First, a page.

…Trust me, I’ll get somebody to wash it, there’ll be somebody. Oh, you have a cat. I didn’t see before. It must have just come out from wherever it was. That’s funny how all of the sudden they just decide to run out of nowhere. You don’t seem like the cat-type. You know it’s my favorite animal? Is it a Persian? ..I bet it’s name is Mohammed. ..Hi kitty cat. Hiya ya big cutie. Ooh too too. What are you looking at? What are you doing? Where are you going? Ooh too too. Moo moo mama. Come here cutie. I’m gonna get you. I’m gonna get you. …Oh I got you. Oh. I. Got. You. Oh you’re so heavy you little small kitty cat. Let’s go look in the mirror. Oh, look in that mirror. Look. In. That. Mirror. Who’s that guy behind you? I don’t know. Some guy. Gimme that paw. Gimme that paw. Lemme see that paw. How you doing? I’m ok. Hah. Oh ribbit ribbit. Moo. Gobble gobble. Meow…Ep. Look at all this shit I got all over me now. Listen, I’m going downstairs. I got a hundred and fifty tickets on my jeep already, or they towed it. …Trust me they’re giving out tickets. I just read, they hired all these whatever metermaids, all they do is hand out tickets all day. Because I read it. What do you think they write it for nothing? These guys they got this whole thing connected to those hate groups that were on Sixty Minutes. What they do these guys, they see my jeep, they see the Jersey plate, automatically they assume that I’m white. I mean I am, but that’s not the point. The point is that they think that Jersey’s all white people. Let me tell you it’s not. You come to my neighborhood, I gotta get five locks on my door. Listen I’ll see ya downstairs. [Bill exits.]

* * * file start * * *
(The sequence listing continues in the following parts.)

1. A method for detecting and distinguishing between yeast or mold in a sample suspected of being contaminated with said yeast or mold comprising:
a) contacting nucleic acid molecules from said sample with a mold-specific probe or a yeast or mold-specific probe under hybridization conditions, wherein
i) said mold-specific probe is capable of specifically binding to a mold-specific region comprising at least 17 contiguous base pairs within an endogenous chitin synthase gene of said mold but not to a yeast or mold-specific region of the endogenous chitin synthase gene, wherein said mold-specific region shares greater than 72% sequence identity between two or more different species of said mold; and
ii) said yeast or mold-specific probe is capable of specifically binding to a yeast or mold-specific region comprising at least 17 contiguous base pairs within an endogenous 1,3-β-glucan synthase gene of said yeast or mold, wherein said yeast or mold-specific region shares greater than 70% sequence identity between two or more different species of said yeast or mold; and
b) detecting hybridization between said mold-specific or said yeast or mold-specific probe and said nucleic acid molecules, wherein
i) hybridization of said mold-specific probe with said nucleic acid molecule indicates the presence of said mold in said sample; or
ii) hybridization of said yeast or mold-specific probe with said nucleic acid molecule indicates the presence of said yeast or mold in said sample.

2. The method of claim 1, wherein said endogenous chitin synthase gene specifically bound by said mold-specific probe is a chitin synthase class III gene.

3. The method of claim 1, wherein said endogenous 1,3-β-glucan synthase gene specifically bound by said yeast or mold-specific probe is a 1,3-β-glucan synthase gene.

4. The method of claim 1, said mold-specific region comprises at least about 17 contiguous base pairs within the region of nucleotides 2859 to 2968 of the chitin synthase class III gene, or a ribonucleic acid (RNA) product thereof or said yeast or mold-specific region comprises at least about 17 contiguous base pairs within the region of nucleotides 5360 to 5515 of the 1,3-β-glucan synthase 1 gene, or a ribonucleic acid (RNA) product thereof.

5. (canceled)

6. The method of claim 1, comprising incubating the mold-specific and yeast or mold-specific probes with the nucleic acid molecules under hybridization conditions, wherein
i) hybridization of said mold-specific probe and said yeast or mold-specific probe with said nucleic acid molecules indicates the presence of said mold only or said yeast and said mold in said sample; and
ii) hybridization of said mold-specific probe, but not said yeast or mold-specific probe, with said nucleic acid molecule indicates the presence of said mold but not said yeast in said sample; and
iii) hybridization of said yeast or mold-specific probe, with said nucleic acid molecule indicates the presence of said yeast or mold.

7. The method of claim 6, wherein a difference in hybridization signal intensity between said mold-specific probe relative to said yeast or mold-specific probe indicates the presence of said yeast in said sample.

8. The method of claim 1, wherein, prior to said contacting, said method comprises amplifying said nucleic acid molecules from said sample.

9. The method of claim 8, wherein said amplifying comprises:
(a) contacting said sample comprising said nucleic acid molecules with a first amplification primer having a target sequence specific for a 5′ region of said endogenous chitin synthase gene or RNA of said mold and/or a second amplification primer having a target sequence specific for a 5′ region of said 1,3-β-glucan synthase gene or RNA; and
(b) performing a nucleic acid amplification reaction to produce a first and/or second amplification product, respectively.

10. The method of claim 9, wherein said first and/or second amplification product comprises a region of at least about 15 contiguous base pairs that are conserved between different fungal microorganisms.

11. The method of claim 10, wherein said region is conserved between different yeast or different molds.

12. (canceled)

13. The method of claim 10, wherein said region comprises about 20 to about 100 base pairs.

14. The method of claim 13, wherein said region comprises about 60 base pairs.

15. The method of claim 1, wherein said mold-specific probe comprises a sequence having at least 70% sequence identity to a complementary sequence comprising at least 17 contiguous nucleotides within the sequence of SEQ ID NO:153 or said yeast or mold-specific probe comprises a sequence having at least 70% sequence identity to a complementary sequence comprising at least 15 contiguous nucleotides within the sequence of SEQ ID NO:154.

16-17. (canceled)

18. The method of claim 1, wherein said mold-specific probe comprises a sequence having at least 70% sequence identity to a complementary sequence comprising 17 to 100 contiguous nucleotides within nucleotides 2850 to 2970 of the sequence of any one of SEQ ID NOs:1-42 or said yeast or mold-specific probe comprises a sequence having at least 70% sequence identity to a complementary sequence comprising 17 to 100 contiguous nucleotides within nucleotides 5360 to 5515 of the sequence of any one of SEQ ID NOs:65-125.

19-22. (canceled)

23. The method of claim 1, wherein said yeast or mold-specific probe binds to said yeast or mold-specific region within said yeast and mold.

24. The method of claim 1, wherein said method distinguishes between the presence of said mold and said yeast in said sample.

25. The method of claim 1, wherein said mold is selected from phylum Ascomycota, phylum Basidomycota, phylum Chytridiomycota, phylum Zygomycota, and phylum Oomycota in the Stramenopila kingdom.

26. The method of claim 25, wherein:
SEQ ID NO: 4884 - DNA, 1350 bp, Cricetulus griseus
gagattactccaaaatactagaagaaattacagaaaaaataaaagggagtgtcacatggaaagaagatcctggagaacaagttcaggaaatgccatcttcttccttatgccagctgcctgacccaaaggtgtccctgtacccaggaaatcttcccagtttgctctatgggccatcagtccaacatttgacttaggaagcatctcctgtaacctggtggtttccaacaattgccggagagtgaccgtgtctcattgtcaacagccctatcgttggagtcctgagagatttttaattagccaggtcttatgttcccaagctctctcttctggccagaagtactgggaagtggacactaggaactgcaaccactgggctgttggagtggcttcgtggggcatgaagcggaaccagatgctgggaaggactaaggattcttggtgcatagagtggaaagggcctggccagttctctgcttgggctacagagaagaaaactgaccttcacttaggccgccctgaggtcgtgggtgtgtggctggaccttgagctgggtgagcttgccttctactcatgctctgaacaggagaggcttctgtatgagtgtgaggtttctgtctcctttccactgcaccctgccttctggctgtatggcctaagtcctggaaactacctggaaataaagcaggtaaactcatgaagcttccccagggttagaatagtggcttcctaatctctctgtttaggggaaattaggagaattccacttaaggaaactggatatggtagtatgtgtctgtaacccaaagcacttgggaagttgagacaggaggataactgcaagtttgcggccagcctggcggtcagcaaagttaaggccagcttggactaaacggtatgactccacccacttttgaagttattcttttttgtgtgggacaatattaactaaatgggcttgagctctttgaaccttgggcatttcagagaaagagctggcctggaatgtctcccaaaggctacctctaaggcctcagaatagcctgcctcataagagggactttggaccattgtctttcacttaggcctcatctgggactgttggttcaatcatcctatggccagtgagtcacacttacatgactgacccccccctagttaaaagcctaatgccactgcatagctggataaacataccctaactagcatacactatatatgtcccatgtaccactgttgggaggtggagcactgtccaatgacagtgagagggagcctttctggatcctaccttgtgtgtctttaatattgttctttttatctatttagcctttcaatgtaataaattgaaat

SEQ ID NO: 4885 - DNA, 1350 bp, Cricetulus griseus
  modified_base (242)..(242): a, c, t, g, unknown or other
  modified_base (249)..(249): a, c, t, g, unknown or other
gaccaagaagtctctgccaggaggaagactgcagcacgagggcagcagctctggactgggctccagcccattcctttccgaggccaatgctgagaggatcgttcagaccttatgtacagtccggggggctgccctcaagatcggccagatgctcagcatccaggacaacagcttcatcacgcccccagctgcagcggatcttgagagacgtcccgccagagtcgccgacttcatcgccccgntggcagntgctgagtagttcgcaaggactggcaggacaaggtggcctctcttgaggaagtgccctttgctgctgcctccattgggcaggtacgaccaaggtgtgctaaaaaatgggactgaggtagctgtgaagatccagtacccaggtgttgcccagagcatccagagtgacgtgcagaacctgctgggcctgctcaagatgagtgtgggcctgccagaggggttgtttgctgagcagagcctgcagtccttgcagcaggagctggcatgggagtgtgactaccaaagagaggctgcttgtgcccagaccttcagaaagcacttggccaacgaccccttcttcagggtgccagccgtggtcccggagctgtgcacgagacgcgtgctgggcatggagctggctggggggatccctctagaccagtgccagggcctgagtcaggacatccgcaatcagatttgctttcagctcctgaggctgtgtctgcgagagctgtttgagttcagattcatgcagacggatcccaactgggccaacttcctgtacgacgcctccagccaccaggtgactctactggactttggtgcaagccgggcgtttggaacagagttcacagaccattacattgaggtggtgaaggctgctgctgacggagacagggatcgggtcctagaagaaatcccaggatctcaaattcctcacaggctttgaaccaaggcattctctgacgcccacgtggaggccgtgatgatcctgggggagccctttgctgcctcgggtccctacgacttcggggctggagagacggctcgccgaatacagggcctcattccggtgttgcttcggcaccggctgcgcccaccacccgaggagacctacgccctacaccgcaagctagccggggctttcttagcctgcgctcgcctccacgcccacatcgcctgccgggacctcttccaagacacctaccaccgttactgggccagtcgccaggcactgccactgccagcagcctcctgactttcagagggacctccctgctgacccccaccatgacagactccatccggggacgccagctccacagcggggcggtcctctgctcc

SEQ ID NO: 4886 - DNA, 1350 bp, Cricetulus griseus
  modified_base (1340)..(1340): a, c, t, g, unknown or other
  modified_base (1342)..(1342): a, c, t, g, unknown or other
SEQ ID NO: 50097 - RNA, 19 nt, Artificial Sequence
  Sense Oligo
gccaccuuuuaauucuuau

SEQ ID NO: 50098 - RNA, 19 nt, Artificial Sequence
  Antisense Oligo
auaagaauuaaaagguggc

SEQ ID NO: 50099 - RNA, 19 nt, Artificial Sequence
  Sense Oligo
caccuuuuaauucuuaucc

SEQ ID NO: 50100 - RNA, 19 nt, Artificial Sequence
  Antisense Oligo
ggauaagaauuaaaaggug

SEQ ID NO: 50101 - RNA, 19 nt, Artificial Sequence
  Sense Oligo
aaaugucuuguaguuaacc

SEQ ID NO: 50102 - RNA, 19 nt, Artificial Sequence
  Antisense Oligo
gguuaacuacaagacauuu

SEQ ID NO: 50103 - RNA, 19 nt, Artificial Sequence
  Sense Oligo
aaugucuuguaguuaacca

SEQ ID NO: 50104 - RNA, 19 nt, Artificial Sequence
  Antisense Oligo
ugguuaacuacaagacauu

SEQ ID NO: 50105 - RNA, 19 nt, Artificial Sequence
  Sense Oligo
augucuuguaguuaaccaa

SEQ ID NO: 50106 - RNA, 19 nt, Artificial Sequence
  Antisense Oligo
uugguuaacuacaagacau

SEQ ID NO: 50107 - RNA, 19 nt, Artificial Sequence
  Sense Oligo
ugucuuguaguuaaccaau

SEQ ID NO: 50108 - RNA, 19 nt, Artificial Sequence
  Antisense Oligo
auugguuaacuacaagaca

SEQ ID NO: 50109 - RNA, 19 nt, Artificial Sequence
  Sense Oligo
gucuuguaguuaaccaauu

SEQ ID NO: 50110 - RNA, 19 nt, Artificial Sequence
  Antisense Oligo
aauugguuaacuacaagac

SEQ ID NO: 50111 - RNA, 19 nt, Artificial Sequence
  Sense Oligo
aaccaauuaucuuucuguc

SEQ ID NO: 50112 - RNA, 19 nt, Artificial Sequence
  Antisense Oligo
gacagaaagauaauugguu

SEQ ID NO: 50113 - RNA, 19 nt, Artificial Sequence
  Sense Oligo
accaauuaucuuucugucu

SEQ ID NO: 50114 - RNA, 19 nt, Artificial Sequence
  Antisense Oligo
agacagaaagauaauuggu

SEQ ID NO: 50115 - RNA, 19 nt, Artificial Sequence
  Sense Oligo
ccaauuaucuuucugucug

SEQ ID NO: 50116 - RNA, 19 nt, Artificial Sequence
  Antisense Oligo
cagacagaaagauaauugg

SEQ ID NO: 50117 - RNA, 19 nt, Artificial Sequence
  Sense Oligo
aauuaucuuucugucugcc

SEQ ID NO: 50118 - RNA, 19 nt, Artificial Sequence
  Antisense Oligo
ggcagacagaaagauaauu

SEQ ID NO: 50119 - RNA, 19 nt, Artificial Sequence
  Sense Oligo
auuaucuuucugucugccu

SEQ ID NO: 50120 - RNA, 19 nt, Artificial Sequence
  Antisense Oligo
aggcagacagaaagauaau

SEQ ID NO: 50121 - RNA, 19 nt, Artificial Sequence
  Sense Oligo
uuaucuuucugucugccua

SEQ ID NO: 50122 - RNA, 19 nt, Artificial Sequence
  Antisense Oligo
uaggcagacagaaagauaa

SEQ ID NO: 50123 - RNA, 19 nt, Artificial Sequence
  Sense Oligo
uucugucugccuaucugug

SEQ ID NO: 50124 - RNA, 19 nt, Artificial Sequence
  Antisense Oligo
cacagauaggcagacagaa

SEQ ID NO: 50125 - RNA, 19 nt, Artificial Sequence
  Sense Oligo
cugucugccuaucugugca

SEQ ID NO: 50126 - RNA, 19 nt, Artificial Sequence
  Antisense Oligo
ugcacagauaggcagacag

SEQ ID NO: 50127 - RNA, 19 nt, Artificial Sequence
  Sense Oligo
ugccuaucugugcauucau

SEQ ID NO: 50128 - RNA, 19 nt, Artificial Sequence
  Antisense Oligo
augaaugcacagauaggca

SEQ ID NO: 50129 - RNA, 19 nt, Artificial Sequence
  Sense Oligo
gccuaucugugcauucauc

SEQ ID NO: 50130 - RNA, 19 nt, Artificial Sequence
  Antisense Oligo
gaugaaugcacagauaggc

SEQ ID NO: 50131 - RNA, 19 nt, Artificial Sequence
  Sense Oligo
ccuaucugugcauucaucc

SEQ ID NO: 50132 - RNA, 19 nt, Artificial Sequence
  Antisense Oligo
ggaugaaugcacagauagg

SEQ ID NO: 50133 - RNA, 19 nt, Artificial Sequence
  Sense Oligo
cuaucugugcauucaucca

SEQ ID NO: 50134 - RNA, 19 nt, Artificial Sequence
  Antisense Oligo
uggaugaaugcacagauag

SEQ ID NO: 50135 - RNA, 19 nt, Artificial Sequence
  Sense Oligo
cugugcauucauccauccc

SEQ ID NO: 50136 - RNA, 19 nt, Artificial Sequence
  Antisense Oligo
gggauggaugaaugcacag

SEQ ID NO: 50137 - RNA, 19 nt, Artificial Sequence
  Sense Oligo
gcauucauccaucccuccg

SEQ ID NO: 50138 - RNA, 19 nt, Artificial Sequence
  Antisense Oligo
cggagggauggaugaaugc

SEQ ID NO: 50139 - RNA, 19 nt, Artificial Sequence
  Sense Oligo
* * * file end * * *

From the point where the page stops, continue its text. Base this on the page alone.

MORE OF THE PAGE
[Blanca, a young twenty-ish office worker stops by her friend’s house to borrow shoes.] Listen Lisette, lemme borrow your shoes? The short black ones. No because Manny gets off Footlocker in twenty minutes and I have to take the bus. But I can’t be looking ugly in the bus. So find them! Don’t stress me more alright. My life is already stressed enough, can I tell you? The other day right? I was at Manny’s house, and we was fooling around, and like you know how guys be getting all shy like when they wanna say something really important but they don’t say it? Or like they say it, but like their voices be getting all low so you can’t hear what they saying? So he was doing that right, and like I don’t be playing that. I was like, hello- excuse-me-I can’t hear you-what-you-saying right? So I figure he’s doing that because he wants to ask me to marry him cause already we been together one year nine months seventeen days and he aint asked me nothing. So I look, and he got this thing behind his back and I figure it’s a Hallmark card or something saying like, hello Blanca how you doing I love you will you marry me. Instead, he got a condom right? …Right? So I was like, excuse me who’s that for? He was like, that’s for us. I was like, excuse me-I do not think that’s for us. But he goes, no we have to use it, because he said that he had seen some thing in like channel thirteen or something, like some thing. He goes, no you have to be careful you don’t know what’s out there. I was like, excuse me I know what’s out there, I’m talking about what’s in here, right? I was like, you aint sticking no fucking rubber shit up inside me I don’t know who touched it. You might as well put a rubber glove and do some Spic and Span in that shit, cause I aint having that. …No cause, one year nine months seventeen days we been together, now he comes to me with it? Now he thinks I’m dirty? I aint fucking dirty. And he thinks like I don’t know nothing. Like he thought that I thought that you could get it from mosquitoes. Plus it aint like I just met him. I know his whole family, his parents, his sisters. They’re nice people. If I would have got something, I would have got it one year nine months seventeen days ago, right? …No, we talked about it but you think we used it? Ps. We started fooling around, I was like, you seen this in Channel Thirteen? He was like, no. I was like, mmm. …Not those, the black ones you wore last Friday! The short ones with the bows on it. I’m telling you though, Manny be driving me crazy sometimes for the dumb reasons. Like, you know Manny’s father’s Puertorican and his mother’s Spanish. So he’s Puertorican right. And he’s dark and his last name is Sorullo. So when people ask him, he always says Sorulo. Cause he says he wants to work in business in Wall Street, and that nobody wants to hire a Sorullo. So I be telling him, Manny that’s your last name, you can’t do that. And he be getting angry at me like, That’s my last name, that’s how it’s pronounced! And like, you got it easier than me Blanca cause you’re lighter than me, cause you’re a woman. And I’m like, excuse me, I’m Puertorican too right? So it was the Puertorican Day Parade, and I had gotten us these T-shirts with the Puertorican flag in the front, and in the back there’s a little Coquí and it says Boricua and Proud. So you would think that he would be like, oh thank you Blanca that’s so sweet I love you, right? Instead he starts screaming. I’m not wearing this shit! I can’t believe you got me this! It’s ugly! I was like, excuse me, it’s not ugly. So he puts a Ralph Lauren shirt. I was like, Manny, you think somebody’s hiring you for Wall Street at the Puertorican Day Parade? So he goes to me, Look Blanca, I might be Puertorican, but I don’t have to walk around looking like one. …I was like, excuse me. You think that people think that you Swedish? You Puertorican. I couldn’t believe it. It’s like, he wants to wear a condom, but not a T-shirt. …Not those ugly heels, the short ones with the bows. …So find them, don’t stress me more! It’s like I be nice to people and they be having tempertantrums. You’re like Lemington. You know my roommate Lemington right? ..I know, his name is Lemington, that’s weird right? So you know he’s gay right? And you know if you see Lemington, you be like, oh my god this guy is gay. But if you see his boyfriend, you be like, oh my god this guy is not gay. Cause he’s like six foot and all muscular. Like when I first had seen him I was like, mmm. Like that, right? But he’s gay. And they’re not only gay, they’re black and gay. Can you believe that? I couldn’t believe that. ..No, cause they don’t look like those guys from In Living Color. At all. But you know I don’t care cause I’m very liberal. But I think that his boyfriend be beating him cause one day Lemington had a cut right here, and I seen those signs in the subway that like if you’re gay and your lover beats you call that number.. right.. whatever. So we be getting along, except this one morning I’m getting ready to go to work. It’s like seven-thirty in the morning and I’m sitting there eating breakfast, I look up and he’s wearing my skirt. So I was like, Lemington what you doing with my skirt? He was like, That’s your skirt? I was like, yes that’s my skirt Lemington, where you got it? He goes, In the closet. I was like, well that would happen to be my closet, which would happen to be in my room, so that would happen to be, Ding! ..My skirt right? I was like, Lemington you can’t be wearing my skirt. So he starts crying right? And he’s like, Fine I won’t wear it! And I can’t have him crying in my house at seven-thirty in the morning cause then the neighbors be thinking like I’m beating him or something right. So we had gotten over it right. Except that he be leaving me these pamphlets all over the house. Like in the dishes he puts them, in the freezer. So, should I go to get a ice cube, I’ll read a pamphlet. Meanwhile I got frozen pamphlets in the freezer. It’s this one pamphlet, it’s called, Getting To Know Your Body. It’s these drawings of these women, looking at themselves, in you know, there, with instructions. Excuse me, but I don’t need to be looking there. For what? It’s money in there? Plus, what if somebody comes over and they go to get a ice cube, they’ll be thinking that I’m looking in there with instructions like, what’s this? He thinks that I’m like one of these women that doesn’t know nothing about her body and goes and does whatever. [She puts on some lipstick.] But he’s sweet though, he got me this cute shirt with all these pictures of famous womens on it. Clara Barton, Nefertiti, Mother Theresa is on the shirt. And he gives it to me and he goes to me, Rejoice in your womanhood Blanca, be good to yourself cause you’re a warrior. I was like..? This is some black gay thing or something? He called me a warrior. I picture myself like running through the jungle with a machine gun like, lookout it’s Blanca coming! But the thing is, now he got this little dog right? And a)He don’t be feeding it, so the dog be eating my curtains, now I don’t have no curtains people could just be looking at me naked through the window. And b)He don’t walk it. So the dog be shitting all in my house. And let me tell you, I don’t know what the dog be shitting because it got nothing to eat but curtains. It’s like little curtain shits is in the floor. The other day I’m getting ready to go to work and I get out the shower in my towel, I step in this little macadamia nut shit. So he goes, Wipe it. So I wipe it, I took a Bounty but I don’t have time to go back in the shower and scrubbing shit out my foot twenty-four hours. So I go to work. People at work are like, Ooh you smell like shit. And when I explain to them that, excuse me I do not smell like shit naturally, but I happened to step in shit. They’re like, Oh you stepped in shit? You must be stupid then. And I’ll tell you right now, I can’t have people calling me stupid cause I aint stupid. …No, I wanna kick him out, but then he’ll think it’s cause he’s gay. I mean it’s not that he’s gay that his dog shits in the floor, it’s that he’s irresponsible. Things are so complicated. Plus I think he got AIDS too, cause he’s all skinny. …Yeah Manny’s skinny too, but Manny’s just skinny. Lemington’s gay and skinny alright? But them people be getting that shit anyway right? They do though right? …Right. You got them? Finally, gimme. I hope they fit. I’m telling you, you know what is it? [Blanca puts on the shoes and checks herself in the mirror.] I think my life is stressed because I have to learn to be nice to myself. Cause if you think about it, nobody’s being nice to me. you included. But listen, I have to go because you making me late. And these shoes are too tight but I’m wearing them. And let me tell you something. If Manny comes to me with that whole condom thing again, I’m gonna tell him like this, You think I’m dirty? Who do you think I am? Do you even know who you are?